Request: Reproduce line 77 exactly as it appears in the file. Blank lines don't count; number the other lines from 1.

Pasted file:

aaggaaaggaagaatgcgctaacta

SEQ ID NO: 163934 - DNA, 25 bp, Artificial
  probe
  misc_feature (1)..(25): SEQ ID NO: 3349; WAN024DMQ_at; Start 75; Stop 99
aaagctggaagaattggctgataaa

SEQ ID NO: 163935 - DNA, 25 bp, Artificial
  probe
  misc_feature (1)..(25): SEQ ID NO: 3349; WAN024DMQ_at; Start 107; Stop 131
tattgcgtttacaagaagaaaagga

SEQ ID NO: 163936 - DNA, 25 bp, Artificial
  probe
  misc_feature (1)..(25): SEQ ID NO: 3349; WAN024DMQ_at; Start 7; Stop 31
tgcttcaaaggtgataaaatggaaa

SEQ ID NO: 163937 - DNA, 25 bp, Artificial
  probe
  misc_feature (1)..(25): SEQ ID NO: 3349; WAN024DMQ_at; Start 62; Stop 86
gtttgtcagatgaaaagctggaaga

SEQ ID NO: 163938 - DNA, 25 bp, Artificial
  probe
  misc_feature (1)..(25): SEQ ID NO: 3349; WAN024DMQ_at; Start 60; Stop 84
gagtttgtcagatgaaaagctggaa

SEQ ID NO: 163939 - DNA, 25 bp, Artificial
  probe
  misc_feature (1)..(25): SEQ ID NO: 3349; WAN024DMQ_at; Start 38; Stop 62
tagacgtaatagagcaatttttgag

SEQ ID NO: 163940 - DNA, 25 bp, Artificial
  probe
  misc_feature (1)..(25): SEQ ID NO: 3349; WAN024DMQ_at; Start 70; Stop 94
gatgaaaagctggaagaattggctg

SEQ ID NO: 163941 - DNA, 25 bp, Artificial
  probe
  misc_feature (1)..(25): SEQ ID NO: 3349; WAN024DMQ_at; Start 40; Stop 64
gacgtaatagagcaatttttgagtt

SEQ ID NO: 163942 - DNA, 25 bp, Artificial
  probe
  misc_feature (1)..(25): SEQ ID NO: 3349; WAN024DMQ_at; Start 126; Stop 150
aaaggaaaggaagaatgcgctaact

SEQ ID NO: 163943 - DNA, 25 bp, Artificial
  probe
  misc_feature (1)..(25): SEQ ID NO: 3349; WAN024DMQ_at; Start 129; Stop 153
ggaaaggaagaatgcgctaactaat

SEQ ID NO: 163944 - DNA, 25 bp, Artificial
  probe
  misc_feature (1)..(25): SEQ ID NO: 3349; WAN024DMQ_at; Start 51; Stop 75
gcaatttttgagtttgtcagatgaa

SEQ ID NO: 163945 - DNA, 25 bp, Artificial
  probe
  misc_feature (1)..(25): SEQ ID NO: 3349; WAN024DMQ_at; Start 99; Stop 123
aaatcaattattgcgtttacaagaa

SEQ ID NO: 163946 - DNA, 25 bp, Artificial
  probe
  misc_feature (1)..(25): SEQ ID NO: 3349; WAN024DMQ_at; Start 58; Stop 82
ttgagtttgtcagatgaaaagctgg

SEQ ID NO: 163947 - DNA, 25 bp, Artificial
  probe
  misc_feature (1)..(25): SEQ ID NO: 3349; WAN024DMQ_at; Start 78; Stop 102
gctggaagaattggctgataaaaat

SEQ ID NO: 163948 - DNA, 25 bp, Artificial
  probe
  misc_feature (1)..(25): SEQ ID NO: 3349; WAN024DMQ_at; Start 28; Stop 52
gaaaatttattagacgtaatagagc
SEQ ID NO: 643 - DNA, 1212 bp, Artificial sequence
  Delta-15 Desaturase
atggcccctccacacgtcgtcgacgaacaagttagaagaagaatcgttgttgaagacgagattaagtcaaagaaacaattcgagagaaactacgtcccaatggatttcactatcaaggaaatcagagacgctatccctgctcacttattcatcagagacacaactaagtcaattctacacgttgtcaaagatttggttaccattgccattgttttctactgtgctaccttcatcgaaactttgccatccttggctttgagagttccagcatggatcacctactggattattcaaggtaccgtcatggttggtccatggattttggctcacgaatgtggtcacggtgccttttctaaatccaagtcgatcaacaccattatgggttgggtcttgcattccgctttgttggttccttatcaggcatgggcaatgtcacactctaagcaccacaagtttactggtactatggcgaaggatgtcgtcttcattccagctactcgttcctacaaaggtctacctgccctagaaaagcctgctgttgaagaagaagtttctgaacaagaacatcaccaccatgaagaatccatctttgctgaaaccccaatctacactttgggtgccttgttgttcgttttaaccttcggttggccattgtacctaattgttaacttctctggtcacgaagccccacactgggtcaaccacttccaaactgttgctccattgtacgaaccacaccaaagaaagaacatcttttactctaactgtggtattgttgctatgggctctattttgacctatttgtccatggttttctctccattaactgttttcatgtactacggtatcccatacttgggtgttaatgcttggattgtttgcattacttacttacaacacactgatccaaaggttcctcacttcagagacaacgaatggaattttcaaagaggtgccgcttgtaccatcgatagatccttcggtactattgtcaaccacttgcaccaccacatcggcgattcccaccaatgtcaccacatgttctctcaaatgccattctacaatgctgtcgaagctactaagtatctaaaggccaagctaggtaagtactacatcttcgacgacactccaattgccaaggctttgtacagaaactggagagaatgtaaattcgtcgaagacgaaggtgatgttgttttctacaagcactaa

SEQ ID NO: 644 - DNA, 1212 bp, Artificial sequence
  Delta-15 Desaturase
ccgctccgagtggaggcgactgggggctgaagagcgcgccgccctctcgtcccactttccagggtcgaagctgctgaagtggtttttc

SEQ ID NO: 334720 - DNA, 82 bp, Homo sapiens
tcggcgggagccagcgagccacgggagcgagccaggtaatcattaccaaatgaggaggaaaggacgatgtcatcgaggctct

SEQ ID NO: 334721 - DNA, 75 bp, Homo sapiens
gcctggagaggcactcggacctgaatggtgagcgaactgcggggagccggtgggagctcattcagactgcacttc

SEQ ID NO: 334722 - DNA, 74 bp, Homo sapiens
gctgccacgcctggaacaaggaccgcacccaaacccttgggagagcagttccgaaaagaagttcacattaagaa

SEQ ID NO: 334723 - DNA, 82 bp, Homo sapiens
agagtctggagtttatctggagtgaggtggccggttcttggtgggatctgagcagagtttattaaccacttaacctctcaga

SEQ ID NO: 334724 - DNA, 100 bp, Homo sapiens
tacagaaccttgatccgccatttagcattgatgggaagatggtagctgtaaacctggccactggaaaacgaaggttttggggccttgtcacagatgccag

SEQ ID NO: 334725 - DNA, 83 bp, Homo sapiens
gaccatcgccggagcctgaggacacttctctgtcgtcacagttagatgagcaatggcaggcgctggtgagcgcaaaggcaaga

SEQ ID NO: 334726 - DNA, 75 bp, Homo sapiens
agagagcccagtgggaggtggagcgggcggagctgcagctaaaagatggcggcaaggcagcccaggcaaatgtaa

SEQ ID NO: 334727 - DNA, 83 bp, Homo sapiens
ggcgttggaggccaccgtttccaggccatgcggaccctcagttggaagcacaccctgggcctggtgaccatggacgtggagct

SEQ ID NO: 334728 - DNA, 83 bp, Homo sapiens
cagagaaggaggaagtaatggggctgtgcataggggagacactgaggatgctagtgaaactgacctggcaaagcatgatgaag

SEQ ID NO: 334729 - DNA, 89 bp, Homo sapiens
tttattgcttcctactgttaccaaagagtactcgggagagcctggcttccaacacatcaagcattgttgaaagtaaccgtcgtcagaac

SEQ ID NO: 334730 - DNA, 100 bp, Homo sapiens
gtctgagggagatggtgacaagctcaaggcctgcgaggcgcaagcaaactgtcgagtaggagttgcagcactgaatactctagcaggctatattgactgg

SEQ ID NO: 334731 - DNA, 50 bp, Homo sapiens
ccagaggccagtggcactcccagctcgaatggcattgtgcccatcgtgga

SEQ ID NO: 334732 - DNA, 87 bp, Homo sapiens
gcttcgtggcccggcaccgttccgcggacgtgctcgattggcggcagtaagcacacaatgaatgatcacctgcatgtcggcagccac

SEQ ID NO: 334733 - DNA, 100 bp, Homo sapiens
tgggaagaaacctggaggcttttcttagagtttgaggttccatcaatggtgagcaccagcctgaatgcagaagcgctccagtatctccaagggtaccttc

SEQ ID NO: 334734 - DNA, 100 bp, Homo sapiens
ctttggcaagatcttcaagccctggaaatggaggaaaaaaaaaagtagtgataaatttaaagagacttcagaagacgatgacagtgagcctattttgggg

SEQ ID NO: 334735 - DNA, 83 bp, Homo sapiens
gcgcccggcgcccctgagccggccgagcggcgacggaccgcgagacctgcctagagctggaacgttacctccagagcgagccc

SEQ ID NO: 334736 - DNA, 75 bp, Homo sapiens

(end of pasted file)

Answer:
tacagaaccttgatccgccatttagcattgatgggaagatggtagctgtaaacctggccactggaaaacgaaggttttggggccttgtcacagatgccag